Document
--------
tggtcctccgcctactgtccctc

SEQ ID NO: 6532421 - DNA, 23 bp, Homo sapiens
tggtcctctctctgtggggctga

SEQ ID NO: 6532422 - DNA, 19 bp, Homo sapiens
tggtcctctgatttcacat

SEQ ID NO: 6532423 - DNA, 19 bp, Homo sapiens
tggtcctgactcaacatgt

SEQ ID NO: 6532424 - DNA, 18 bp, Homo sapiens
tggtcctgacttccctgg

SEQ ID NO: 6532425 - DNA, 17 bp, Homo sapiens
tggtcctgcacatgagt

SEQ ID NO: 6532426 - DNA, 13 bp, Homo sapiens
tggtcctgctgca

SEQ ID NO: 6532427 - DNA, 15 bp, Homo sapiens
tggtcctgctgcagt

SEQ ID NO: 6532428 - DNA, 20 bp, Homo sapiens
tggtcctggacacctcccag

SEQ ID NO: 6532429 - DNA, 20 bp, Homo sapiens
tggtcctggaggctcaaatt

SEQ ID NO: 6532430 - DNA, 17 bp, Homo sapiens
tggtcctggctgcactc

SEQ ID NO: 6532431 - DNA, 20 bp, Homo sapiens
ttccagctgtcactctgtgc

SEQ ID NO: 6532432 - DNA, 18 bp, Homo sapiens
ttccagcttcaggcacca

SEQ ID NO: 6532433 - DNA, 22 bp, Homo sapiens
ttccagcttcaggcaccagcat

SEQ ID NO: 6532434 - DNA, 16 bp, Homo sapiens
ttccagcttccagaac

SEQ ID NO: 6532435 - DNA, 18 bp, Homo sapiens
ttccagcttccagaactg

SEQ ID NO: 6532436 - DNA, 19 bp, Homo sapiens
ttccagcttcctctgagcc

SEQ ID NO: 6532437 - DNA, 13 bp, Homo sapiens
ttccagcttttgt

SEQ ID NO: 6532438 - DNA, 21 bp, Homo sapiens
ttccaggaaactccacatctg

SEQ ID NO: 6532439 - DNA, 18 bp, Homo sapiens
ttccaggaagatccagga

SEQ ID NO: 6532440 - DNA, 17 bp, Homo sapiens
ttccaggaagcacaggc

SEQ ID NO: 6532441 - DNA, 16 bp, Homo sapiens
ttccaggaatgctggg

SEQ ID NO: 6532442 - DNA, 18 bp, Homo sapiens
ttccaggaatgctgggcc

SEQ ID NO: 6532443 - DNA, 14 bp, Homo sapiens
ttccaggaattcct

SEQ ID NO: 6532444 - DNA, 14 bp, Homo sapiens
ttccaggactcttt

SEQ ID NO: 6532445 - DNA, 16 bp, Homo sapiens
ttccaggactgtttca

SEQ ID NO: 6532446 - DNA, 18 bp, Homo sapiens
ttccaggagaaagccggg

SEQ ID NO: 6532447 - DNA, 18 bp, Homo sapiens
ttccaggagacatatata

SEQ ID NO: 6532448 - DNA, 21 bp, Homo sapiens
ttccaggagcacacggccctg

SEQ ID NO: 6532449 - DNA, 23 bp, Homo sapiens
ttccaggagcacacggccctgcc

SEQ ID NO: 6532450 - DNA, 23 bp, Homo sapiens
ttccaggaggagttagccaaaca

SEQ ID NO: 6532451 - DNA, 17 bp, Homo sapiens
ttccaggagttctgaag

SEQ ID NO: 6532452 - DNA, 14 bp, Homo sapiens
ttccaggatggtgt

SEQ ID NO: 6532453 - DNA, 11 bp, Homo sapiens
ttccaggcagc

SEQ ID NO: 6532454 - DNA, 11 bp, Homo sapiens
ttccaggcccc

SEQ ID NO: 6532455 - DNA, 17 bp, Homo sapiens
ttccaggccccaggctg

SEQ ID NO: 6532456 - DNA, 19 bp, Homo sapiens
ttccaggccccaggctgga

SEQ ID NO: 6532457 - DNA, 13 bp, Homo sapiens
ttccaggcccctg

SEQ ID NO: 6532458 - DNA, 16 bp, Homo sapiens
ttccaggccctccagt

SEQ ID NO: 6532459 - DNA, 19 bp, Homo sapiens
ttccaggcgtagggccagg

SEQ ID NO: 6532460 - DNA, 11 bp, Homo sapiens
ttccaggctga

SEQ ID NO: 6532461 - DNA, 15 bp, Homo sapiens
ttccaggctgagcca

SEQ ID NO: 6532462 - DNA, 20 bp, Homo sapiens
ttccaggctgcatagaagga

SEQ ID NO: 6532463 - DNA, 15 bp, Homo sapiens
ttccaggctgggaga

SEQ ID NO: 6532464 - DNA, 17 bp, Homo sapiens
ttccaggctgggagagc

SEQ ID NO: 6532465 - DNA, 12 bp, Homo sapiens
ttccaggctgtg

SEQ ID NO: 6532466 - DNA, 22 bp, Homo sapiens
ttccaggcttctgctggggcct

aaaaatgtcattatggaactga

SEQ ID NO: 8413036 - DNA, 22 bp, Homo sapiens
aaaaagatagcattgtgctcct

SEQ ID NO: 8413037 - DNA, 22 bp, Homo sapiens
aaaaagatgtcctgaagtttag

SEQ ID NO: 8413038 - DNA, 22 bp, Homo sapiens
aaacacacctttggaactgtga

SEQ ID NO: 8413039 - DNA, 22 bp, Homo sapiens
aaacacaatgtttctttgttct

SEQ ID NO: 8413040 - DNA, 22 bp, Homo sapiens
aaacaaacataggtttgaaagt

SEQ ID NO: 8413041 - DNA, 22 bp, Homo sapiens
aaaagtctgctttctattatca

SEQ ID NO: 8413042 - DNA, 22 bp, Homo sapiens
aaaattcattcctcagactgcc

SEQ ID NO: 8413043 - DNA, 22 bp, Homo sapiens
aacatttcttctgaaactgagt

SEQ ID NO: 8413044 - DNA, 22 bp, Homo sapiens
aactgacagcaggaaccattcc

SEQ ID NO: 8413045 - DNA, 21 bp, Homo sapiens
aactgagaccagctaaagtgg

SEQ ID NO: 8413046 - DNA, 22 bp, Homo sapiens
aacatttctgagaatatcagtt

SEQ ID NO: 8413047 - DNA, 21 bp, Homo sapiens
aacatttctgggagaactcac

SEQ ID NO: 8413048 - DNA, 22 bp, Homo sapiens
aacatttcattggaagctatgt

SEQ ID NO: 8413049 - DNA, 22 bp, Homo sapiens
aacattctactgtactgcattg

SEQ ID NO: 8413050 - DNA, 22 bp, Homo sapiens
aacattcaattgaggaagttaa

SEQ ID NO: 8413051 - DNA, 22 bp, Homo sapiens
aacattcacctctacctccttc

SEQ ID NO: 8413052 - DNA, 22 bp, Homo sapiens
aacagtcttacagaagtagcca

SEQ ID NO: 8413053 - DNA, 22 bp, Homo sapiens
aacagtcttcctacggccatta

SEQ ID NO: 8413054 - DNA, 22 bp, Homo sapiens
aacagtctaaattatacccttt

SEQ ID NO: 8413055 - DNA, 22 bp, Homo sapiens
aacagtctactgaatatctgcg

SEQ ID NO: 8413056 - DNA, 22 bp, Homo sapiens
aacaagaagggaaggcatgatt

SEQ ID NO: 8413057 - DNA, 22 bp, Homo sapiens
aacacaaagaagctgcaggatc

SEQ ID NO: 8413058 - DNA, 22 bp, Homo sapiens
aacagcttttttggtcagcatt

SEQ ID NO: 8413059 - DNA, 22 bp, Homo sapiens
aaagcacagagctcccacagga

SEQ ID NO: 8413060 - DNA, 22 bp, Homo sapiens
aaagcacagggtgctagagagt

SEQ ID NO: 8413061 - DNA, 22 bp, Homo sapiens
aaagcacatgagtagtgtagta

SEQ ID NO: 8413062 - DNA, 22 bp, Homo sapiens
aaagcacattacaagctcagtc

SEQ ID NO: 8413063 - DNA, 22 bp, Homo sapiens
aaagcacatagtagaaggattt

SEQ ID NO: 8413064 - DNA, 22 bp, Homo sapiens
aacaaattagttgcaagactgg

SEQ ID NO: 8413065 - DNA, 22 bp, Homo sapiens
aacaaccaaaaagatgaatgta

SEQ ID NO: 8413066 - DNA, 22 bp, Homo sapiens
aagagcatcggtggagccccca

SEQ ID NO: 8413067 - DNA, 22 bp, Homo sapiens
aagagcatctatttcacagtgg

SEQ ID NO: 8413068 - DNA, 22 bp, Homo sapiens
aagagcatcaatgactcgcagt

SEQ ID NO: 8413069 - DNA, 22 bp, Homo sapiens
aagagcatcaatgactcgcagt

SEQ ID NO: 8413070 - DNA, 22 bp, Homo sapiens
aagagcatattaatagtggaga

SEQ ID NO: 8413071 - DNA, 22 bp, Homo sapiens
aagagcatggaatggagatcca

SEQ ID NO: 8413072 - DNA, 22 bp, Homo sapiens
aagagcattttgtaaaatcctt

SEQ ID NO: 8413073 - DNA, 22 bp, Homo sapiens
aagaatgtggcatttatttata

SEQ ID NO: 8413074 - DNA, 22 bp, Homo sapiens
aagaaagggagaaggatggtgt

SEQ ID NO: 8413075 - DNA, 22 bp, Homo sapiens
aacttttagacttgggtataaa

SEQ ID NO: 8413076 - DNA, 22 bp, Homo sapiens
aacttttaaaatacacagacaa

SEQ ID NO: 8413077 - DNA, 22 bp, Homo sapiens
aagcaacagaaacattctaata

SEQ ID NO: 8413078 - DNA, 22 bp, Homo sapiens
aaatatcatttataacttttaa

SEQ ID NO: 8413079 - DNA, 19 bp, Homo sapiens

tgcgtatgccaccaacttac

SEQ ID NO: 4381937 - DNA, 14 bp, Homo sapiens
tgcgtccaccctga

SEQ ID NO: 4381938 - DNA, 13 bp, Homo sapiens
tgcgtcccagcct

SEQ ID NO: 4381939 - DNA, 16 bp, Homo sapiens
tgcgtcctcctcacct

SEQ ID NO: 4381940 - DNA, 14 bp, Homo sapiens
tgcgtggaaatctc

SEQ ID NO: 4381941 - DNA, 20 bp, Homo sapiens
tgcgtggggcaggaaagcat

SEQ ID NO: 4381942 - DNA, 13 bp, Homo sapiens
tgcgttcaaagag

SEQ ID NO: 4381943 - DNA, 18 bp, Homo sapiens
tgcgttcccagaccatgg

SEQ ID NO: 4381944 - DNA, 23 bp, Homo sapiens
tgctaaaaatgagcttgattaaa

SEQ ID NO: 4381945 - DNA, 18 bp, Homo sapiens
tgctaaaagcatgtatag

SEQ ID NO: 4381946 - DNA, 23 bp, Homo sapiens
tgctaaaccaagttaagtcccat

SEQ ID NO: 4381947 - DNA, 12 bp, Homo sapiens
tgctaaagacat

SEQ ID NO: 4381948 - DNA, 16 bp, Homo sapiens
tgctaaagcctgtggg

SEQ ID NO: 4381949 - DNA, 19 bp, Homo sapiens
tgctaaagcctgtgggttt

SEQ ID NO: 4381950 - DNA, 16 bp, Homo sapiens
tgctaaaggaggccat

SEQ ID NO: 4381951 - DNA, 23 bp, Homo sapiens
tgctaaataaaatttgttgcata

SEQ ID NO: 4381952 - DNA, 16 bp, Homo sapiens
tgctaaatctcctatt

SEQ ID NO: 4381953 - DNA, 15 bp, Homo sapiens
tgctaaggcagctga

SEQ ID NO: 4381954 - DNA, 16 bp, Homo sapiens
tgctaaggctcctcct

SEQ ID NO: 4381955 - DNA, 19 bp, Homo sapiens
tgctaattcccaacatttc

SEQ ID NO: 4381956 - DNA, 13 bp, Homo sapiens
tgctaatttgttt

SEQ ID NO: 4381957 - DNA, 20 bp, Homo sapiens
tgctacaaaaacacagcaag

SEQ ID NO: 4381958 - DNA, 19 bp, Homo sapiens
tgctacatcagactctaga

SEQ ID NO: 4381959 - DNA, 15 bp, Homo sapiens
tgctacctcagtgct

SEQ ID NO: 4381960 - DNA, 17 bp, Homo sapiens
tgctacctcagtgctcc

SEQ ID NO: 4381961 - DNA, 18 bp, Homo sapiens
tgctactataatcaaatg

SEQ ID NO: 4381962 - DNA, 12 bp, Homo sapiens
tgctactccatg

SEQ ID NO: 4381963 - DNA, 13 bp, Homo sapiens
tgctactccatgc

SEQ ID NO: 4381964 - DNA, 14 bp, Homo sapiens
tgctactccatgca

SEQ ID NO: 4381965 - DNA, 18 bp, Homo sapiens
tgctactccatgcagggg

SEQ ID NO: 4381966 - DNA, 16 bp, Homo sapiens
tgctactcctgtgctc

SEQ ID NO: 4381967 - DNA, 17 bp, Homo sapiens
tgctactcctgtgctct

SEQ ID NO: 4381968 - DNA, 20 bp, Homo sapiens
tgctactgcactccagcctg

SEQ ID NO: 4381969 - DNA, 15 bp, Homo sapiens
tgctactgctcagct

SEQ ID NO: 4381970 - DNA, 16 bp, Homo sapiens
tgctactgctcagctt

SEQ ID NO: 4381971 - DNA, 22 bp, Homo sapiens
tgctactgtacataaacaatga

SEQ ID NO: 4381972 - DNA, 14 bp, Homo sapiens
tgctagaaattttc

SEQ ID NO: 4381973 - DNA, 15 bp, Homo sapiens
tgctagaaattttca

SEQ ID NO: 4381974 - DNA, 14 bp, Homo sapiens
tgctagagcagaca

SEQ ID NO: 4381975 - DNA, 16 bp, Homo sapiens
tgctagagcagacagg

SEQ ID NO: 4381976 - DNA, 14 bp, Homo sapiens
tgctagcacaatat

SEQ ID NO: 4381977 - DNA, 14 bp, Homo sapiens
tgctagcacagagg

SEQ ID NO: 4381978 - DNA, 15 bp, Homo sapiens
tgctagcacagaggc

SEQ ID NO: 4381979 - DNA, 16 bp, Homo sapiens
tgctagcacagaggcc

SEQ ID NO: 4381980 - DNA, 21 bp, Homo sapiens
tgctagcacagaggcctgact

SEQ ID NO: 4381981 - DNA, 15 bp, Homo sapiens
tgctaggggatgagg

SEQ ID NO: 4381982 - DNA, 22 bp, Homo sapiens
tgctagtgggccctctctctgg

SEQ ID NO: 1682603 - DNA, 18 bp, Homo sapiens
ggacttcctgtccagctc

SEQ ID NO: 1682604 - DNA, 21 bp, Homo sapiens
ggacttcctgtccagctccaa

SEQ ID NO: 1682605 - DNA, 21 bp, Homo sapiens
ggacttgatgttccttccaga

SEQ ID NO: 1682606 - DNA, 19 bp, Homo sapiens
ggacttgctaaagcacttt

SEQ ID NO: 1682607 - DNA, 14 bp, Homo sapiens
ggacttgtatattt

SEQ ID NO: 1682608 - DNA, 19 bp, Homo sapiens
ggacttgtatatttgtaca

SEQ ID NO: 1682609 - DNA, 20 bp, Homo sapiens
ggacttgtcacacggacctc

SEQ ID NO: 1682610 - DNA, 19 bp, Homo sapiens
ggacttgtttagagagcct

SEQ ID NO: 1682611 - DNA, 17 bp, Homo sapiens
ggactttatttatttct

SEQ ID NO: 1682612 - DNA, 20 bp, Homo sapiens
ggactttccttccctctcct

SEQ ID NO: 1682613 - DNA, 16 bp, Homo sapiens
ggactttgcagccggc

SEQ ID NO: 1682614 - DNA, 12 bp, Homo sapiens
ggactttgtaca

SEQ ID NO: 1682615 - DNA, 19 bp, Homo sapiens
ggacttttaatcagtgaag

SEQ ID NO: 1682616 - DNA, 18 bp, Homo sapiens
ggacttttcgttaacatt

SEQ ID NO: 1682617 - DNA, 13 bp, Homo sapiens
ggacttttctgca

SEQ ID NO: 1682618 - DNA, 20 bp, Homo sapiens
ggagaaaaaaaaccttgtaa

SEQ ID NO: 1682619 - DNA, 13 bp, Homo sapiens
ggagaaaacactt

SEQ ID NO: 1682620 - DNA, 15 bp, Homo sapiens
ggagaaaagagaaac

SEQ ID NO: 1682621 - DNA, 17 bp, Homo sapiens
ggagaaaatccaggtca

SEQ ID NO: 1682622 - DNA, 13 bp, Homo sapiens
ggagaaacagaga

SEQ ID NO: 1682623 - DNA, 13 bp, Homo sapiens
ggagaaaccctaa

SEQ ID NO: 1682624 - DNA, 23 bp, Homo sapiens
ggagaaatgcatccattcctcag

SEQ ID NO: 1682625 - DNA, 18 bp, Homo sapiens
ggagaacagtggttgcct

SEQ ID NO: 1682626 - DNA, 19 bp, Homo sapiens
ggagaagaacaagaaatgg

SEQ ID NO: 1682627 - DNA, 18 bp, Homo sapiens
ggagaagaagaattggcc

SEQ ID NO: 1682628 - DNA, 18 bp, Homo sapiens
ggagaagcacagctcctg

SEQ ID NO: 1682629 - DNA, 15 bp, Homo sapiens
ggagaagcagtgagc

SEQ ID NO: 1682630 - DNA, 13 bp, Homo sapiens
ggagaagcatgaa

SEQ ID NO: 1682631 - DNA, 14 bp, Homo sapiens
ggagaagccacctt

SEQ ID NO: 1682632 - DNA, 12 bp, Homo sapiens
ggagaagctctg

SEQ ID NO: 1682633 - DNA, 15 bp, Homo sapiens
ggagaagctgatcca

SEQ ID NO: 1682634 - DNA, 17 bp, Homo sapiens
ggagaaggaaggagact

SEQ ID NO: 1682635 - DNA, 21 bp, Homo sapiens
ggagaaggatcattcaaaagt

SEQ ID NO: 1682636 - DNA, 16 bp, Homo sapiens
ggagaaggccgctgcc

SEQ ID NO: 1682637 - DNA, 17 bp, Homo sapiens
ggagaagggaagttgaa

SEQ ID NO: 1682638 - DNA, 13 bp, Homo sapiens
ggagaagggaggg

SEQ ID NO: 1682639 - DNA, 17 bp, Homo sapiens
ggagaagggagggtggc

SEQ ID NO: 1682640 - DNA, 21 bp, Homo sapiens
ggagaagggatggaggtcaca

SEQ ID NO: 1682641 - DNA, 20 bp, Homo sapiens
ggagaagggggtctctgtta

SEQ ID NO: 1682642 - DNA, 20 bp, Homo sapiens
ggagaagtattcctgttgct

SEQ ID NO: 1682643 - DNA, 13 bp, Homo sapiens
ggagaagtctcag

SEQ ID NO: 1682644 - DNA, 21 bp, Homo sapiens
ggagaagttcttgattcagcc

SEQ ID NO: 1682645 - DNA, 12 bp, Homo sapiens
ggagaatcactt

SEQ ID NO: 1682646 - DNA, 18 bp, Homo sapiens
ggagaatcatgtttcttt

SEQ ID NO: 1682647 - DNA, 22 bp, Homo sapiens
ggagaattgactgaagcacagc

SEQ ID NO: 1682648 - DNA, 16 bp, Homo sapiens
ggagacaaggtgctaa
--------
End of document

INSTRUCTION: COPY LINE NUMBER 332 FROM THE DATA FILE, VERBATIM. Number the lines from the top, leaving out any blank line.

ggagaagccacctt